You search for jobs and find a position nearby that would be perfect for you. You read through the requirements and determine that you are the ideal candidate for the job. You research the company, apply, and prepare for the interview. You show up 15 minutes early and feel confident in your business casual attire. You impress the interviewers with your firm handshake and solid delivery of each answer to their questions. You write a thank you card to leave a lasting impression. And now you wait.
One week later you receive an e-mail: “It was a very difficult decision, but unfortunately, we are not able to offer you the position.” Now what?
If you ever find yourself in a similar situation, whether it be for a job or other opportunity, the following five tips will help you overcome rejection and stay motivated:
- Don’t make emotional decisions. When you are overcome with feelings of rejection always stop and reflect. Recognize that just because you were not the perfect match for the company’s specific needs, it doesn’t mean that you’re not an outstanding professional with excellent attributes and skills.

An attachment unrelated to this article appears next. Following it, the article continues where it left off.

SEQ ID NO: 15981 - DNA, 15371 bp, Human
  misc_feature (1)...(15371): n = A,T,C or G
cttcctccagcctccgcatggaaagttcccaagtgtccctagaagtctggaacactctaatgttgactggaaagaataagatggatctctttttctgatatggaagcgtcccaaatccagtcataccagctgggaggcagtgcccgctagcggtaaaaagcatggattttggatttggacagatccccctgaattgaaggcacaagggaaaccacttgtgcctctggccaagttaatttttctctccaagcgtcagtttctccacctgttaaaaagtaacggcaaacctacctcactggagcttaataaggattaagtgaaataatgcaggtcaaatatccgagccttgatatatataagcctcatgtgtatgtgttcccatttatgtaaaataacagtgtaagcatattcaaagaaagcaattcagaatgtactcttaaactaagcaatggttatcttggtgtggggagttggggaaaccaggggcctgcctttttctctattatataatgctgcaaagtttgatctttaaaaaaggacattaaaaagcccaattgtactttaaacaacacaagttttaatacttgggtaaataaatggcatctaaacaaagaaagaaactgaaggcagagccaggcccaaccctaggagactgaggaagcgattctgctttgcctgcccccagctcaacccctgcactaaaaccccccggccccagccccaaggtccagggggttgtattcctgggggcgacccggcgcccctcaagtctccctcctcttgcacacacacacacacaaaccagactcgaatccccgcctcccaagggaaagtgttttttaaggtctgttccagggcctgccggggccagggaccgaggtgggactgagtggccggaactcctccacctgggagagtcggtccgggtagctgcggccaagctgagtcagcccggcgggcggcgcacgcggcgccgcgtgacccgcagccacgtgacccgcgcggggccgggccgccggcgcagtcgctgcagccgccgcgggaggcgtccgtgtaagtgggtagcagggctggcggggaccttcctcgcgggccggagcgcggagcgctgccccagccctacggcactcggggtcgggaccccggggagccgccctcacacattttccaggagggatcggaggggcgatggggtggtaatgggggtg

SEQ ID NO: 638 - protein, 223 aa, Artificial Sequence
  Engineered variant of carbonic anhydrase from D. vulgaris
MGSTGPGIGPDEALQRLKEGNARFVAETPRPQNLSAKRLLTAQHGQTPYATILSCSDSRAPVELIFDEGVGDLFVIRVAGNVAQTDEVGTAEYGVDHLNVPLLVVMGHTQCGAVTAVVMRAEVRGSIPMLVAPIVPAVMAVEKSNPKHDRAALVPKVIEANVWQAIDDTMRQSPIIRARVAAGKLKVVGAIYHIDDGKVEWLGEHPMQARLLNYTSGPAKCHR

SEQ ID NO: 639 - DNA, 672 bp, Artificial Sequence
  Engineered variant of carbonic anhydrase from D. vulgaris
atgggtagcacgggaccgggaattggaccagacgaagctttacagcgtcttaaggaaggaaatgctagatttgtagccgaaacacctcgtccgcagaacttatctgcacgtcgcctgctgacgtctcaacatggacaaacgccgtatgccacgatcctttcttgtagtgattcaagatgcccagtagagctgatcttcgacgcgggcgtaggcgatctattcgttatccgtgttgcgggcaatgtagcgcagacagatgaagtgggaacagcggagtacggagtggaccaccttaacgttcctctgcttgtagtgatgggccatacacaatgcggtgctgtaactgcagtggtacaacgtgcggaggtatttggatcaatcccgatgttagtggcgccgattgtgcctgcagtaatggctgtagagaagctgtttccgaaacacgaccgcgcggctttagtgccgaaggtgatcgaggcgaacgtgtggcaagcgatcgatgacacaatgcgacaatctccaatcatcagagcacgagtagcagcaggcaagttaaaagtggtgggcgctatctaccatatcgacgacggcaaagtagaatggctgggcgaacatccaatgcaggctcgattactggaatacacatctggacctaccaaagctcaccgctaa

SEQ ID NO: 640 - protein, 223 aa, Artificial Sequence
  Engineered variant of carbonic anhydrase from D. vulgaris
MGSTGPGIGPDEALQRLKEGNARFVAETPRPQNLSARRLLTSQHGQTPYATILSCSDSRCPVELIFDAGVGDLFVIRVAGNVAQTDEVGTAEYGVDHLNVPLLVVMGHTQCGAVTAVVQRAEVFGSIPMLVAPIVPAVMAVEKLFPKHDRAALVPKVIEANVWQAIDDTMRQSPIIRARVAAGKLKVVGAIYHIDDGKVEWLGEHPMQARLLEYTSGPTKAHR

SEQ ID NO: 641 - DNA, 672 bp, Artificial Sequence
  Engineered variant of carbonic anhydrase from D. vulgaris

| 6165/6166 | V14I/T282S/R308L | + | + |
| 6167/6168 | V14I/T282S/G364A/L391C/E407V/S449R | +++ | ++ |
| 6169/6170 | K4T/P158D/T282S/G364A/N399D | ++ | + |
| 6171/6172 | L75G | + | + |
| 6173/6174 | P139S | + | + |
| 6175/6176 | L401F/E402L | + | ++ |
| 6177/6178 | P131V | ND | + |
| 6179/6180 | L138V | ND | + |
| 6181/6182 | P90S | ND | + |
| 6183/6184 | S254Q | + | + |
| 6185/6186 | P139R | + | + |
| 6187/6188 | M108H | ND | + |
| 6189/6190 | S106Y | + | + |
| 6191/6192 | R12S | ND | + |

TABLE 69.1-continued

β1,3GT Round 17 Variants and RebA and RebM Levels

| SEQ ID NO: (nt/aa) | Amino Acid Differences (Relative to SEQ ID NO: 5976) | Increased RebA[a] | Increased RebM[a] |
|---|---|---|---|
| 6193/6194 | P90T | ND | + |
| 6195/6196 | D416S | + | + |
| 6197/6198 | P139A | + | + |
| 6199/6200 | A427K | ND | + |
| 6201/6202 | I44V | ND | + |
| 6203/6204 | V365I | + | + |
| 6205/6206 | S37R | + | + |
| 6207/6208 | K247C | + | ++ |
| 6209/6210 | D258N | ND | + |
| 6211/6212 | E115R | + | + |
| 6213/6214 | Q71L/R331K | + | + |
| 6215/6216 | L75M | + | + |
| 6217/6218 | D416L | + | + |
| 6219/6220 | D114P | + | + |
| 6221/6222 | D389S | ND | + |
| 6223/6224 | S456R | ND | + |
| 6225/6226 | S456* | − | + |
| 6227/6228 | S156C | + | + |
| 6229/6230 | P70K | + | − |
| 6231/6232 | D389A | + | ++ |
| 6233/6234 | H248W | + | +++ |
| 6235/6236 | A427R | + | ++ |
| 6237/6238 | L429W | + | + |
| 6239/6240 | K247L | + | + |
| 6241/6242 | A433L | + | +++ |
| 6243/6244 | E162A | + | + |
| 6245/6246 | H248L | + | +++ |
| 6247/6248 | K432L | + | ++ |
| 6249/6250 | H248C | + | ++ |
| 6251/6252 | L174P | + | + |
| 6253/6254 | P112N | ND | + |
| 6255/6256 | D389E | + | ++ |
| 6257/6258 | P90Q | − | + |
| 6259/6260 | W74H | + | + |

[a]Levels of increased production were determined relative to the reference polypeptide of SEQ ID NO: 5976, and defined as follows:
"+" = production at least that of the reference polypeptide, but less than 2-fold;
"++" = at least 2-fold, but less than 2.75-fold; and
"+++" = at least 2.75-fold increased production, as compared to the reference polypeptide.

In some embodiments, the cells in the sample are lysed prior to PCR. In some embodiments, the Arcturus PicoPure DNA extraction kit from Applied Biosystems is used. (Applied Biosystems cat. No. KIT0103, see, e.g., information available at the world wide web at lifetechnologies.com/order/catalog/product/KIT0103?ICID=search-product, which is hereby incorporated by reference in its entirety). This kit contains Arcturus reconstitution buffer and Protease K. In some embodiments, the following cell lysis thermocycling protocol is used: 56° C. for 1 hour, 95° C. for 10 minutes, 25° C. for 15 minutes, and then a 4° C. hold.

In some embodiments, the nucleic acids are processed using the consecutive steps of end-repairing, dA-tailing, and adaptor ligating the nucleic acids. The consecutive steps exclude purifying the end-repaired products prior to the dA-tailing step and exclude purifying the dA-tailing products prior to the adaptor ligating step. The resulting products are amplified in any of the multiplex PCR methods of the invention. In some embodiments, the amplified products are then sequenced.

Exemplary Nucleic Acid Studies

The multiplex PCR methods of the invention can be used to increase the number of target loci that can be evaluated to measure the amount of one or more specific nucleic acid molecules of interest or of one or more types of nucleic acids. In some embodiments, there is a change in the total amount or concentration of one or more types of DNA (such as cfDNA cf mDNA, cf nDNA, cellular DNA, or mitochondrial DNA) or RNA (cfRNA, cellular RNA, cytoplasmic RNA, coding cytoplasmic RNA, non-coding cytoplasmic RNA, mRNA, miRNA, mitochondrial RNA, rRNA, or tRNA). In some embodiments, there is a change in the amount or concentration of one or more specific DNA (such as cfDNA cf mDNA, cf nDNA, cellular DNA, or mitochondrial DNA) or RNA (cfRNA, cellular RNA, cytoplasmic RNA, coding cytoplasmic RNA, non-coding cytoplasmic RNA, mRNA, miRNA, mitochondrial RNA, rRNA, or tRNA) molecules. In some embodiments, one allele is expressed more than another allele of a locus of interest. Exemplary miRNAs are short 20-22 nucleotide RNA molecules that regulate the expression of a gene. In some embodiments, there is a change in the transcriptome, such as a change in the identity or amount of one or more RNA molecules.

- Ask yourself questions. In order to learn from the experience, ask yourself questions that will help you focus on moving forward. What would you have done differently? How would you have handled yourself differently during the interview process? What did you learn? These questions will allow you to gain insight and prepare for future interviews.
- Have a backup plan. Always pursue multiple opportunities. Especially in this fast-paced and uncertain economy, it’s a smart idea to always have a few career options. With more options, you will not feel stuck or defeated.
- Focus on your strengths. After being rejected from a job or opportunity, it’s easy to blame yourself. Chances are, if there are things that need to be improved with your interviewing – you sense what they are. The best next step is to seek advice and gain a few new strategies and techniques to add to your toolkit.
- Know that you’re not alone. During this time, it is important to reach out and share mutual support. Chances are that you have a friend or colleague who has experienced a similar situation.
It is important to remember that, more often than not, you didn’t actually mess up. A survey by Harris Interactive in May and June of 2013 included 2,076 hiring managers and human resources professionals from across industries, and the data revealed that a candidate with whom the interviewer has more in common can give that candidate a 21% better chance of being hired. Recognize that some aspects of the hiring decision are out of one’s control and start moving toward your next opportunity.
“Often you think when you’re rejected that you are not good enough, but the truth is, they weren’t ready for all you have to offer.” -Anonymous